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They went that-a- way!

In my posting on 3 December I mentioned "Trace Fossils". Trace fossils are imprints or markings left behind by living organisms. They can be footprints, trails, burrowings or any type of mark. The trace fossils most collectors are familiar with are the footprints left by dinosaurs. Many trackways have been discovered that give us a picture into the living world of the dinosaurs. Measurements can be used to give us information on their locomotion. Walking, and running, speeds have been worked out for several species. The weigh of individuals can also be calculated by the depth of the footprints. This branch of science "ichnology" is mostly overlooked by the average collector. We tend to look for objects that can be associated with living organisms. We can recognize a fossil shell. We don't recognized the track that the gastropod left in the mud on the seabed. Another problem is that when we buy a commercial Fossil Book there's very little information included on trace fossils. And although at lot has been published on the science, the articles are not available to the average person. So why should we waste our time with something we can't recognize or read about? Because we've all spent a day in the hot sun looking for fossils and found zilch. And it wasn't because the formation we're looking in didn't have animals living in it. Sometimes the animals were soft bodied and didn't leave a fossil behind. But they might have left a trace of their activities behind for the observant collector. So the next time you're out there collecting, and you've found nothing all day, try putting on your Daniel Boone cap and look for the signs that says "They went that-a-way".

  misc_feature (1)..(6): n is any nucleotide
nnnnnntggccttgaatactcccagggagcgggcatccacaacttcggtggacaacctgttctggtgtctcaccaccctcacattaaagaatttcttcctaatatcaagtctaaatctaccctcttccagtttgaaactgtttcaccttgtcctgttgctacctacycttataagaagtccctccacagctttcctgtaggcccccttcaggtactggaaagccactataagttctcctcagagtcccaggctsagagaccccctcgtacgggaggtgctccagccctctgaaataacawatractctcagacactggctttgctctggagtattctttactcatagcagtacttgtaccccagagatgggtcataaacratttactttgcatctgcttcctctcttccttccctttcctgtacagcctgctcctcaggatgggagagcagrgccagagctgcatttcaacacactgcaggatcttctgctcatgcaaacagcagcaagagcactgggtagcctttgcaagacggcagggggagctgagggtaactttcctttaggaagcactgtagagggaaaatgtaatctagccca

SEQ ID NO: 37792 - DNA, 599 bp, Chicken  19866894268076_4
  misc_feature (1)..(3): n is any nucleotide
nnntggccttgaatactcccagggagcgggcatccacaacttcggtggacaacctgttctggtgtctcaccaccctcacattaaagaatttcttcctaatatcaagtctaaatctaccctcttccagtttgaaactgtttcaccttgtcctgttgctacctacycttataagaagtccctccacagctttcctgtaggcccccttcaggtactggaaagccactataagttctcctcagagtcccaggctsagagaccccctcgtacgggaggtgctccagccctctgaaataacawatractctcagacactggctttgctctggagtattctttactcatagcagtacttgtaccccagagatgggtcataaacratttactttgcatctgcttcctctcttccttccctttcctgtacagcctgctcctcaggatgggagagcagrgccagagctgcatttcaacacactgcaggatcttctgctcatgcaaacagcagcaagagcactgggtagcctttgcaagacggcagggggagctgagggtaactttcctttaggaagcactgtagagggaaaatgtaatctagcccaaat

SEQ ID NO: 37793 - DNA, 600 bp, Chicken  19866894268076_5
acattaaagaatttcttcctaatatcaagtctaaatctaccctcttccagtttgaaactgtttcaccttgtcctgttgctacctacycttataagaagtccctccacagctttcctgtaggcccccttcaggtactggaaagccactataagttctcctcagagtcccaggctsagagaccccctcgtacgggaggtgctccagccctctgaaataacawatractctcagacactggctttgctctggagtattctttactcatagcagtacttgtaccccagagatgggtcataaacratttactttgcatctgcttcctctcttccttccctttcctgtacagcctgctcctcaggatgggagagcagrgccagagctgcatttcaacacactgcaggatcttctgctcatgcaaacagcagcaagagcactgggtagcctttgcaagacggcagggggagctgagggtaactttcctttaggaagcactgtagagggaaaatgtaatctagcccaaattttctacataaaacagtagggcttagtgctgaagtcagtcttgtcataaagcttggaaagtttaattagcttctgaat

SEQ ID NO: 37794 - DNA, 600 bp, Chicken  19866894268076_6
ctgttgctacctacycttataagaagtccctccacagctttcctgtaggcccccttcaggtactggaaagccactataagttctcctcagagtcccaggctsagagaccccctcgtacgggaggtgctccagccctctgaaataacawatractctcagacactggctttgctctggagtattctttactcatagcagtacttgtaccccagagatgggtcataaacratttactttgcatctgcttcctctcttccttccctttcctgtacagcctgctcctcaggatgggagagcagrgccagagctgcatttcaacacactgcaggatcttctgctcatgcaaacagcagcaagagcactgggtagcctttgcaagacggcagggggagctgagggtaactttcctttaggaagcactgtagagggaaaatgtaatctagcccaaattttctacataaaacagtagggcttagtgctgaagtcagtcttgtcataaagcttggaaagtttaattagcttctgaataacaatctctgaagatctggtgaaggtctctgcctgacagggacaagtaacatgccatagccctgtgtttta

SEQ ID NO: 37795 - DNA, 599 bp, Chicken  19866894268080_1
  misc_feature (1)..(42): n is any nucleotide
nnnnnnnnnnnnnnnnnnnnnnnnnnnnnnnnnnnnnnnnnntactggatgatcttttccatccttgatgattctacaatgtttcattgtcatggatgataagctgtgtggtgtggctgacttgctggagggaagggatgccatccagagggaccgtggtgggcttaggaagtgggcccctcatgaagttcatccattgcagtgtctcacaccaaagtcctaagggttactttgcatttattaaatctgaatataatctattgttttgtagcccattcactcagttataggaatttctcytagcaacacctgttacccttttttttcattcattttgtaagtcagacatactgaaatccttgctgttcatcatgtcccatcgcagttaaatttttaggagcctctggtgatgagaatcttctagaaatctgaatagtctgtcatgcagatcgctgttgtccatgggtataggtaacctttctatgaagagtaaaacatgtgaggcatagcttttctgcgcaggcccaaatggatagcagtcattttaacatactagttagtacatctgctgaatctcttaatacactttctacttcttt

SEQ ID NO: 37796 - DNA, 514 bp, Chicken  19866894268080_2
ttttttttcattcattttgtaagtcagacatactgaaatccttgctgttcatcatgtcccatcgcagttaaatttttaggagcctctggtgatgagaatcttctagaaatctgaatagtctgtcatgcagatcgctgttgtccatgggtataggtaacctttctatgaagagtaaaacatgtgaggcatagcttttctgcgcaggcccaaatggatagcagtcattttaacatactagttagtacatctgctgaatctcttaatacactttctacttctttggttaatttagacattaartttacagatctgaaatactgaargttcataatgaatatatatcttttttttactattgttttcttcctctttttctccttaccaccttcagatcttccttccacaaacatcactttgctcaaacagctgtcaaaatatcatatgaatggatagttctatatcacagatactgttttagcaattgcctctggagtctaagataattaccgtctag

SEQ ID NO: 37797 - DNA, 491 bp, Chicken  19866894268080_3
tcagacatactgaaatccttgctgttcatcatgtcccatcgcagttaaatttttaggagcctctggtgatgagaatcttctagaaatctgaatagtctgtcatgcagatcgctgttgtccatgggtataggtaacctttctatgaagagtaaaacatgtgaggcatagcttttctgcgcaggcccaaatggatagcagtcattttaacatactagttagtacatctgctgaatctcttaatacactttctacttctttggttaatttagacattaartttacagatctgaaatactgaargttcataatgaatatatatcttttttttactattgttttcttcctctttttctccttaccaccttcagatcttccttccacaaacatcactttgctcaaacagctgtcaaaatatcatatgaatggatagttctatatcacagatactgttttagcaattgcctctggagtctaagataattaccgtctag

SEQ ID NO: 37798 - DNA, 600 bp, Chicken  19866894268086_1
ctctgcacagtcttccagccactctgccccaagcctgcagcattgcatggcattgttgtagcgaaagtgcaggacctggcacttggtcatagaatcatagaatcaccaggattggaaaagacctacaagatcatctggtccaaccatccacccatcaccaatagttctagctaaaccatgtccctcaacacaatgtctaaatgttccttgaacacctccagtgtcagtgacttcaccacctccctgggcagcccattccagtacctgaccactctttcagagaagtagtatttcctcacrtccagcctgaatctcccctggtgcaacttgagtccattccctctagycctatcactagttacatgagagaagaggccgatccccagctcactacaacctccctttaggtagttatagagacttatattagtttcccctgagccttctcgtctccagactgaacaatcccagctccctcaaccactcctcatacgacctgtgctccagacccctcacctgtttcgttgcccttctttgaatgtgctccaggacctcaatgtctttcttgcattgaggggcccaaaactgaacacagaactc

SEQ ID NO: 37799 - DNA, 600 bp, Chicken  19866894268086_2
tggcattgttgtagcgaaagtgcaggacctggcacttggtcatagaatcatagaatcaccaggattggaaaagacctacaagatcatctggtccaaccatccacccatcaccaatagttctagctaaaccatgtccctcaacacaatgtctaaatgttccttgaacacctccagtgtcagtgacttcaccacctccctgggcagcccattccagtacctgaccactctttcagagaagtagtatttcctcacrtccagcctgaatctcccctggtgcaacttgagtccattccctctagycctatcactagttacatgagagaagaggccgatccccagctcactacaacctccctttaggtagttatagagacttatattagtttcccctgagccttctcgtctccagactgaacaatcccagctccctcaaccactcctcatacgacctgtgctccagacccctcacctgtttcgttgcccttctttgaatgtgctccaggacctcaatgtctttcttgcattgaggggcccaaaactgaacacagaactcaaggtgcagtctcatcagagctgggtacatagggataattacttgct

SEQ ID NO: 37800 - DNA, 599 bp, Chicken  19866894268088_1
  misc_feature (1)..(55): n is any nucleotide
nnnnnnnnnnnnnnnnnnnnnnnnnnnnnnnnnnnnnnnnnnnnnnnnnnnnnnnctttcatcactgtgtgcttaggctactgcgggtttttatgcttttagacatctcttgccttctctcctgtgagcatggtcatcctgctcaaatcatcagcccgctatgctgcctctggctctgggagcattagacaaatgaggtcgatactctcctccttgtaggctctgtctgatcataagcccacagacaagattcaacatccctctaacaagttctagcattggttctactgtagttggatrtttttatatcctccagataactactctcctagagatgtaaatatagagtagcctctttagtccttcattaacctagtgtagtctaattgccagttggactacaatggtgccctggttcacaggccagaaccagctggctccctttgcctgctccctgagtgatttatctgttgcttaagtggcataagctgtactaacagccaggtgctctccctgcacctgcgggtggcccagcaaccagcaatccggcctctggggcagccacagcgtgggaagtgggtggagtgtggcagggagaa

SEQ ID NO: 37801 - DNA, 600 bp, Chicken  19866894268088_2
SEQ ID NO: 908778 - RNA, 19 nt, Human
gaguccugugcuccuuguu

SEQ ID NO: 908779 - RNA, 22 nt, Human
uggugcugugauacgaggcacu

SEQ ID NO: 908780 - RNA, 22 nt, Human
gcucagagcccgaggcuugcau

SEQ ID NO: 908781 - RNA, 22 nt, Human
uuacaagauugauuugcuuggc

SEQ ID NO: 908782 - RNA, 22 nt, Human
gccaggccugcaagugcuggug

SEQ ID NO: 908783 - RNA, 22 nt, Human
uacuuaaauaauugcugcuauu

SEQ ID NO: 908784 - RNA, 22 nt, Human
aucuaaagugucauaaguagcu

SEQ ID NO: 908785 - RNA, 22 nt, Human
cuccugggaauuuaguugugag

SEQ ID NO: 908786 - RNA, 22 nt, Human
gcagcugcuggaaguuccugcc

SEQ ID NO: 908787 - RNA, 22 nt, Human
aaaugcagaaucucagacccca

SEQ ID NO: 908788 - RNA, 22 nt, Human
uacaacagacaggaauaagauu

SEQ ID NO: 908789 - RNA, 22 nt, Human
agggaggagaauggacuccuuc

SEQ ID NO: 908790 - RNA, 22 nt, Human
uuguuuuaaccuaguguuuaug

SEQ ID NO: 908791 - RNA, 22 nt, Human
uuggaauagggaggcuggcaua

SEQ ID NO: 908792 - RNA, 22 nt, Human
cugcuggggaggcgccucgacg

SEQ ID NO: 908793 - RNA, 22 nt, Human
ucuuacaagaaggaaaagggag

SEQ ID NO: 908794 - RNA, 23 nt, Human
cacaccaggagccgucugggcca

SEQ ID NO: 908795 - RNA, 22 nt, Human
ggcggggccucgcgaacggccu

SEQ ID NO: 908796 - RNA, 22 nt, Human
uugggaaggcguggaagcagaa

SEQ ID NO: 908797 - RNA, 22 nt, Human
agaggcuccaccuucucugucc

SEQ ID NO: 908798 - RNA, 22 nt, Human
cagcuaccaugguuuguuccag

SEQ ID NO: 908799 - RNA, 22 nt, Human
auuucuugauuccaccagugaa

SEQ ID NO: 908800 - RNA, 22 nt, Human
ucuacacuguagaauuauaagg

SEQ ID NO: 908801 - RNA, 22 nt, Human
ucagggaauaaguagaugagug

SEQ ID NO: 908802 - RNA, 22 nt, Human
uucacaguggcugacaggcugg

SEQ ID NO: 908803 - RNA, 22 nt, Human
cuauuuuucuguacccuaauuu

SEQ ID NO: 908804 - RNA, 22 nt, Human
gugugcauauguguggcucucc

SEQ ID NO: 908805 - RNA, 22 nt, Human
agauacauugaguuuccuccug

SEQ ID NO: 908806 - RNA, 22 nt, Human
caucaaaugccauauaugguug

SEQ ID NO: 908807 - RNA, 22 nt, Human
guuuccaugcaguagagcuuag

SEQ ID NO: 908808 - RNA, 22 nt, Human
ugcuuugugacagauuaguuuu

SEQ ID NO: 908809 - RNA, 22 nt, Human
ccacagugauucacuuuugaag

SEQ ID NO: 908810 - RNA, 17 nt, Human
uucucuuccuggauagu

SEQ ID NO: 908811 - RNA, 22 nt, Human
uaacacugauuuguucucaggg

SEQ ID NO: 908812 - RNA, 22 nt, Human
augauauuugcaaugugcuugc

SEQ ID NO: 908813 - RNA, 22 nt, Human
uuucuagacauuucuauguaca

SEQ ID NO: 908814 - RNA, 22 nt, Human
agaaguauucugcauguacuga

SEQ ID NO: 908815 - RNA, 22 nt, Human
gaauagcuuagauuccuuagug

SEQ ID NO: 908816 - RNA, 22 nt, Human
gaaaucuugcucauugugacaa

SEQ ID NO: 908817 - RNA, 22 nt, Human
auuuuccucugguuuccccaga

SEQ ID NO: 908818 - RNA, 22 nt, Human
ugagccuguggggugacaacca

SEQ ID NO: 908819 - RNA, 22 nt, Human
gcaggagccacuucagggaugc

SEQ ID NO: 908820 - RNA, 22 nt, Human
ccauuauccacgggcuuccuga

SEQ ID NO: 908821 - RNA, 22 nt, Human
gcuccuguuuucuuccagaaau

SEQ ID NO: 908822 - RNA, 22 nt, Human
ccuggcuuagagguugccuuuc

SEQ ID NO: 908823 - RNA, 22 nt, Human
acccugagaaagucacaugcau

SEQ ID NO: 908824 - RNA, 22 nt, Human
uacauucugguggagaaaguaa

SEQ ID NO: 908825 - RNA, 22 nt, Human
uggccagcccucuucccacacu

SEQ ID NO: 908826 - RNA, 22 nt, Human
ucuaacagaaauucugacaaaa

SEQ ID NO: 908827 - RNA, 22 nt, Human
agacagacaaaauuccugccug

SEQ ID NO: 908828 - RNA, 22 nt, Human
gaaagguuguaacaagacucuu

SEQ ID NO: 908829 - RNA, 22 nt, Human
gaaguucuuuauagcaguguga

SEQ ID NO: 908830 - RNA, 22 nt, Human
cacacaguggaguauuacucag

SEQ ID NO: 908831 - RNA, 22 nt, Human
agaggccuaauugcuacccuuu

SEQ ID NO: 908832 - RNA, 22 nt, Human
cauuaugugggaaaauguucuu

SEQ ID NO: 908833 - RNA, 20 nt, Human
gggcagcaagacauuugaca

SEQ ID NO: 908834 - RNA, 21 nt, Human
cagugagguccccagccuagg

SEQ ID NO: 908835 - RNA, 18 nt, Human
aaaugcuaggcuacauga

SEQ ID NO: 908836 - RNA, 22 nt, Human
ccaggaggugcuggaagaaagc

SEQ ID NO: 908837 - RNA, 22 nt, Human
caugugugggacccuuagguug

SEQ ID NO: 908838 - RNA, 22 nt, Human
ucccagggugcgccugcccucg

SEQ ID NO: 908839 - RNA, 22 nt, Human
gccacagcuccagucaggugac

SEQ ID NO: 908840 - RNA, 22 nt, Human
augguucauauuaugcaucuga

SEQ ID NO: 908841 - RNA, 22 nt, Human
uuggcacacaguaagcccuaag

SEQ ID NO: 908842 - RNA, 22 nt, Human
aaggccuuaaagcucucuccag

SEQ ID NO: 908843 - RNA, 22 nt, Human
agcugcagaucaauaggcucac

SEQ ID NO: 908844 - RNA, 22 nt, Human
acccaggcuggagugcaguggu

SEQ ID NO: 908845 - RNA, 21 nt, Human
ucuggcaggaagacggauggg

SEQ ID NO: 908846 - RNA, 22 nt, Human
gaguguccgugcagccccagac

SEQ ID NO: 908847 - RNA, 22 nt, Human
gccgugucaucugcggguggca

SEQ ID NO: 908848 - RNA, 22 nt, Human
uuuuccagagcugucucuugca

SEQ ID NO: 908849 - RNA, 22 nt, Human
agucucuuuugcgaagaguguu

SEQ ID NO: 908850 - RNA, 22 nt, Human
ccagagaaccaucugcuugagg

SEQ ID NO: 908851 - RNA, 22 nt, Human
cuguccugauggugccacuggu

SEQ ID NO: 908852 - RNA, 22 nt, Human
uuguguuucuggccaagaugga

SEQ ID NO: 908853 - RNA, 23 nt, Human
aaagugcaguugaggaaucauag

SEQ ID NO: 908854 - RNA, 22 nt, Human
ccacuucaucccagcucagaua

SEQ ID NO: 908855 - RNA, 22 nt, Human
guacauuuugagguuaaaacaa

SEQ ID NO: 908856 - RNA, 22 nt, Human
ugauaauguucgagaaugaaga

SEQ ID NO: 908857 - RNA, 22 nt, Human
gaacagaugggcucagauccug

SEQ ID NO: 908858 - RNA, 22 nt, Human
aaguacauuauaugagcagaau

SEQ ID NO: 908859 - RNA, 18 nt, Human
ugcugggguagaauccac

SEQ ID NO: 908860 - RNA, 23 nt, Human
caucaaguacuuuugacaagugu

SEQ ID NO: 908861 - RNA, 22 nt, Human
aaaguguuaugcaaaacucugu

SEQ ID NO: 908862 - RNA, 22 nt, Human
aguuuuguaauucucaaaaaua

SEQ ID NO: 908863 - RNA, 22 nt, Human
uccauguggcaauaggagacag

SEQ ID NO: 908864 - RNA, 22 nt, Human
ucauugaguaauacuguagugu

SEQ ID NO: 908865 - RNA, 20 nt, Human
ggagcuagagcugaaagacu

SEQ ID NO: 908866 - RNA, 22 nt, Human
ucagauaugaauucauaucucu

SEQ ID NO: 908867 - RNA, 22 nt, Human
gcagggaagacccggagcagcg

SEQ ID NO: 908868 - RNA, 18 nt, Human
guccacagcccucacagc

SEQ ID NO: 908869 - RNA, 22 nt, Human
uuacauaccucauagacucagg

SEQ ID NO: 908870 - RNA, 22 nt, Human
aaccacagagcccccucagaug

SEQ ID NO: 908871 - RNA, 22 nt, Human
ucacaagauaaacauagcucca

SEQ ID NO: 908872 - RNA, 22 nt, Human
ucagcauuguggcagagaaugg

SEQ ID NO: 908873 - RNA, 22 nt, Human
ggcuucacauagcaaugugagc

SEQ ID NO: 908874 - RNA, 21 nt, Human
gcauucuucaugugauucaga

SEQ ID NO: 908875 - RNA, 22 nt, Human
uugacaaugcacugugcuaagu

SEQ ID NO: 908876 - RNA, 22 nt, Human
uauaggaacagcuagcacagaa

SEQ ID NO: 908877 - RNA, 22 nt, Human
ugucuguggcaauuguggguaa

Location Berkeley County, South Carolina, USA

Date Added12/13/2006

This Pliocene Sperm Whale tooth has numerous bore holes. They were most likely made by marine clams. Traces such as trails, burrows and tracks are grouped into an area called Repichnia.
This petrified wood is from the Late Cretaceous and has numerous bore holes. Since wood can be washed into marine environments it's hard to tell if the holes were from insects or marine organisms.
This shrimp burrow is from a Pleistocene formation.
This shale slab came from an Ordovician formation in Ohio. It has several tracks from marine organisms.
Another Ordovician track. This one shows that an organism, possibly a trilobite, made a complete 360 degree circle.

The Heat is On
The Heat is On
The Heat is On
The Heat is On





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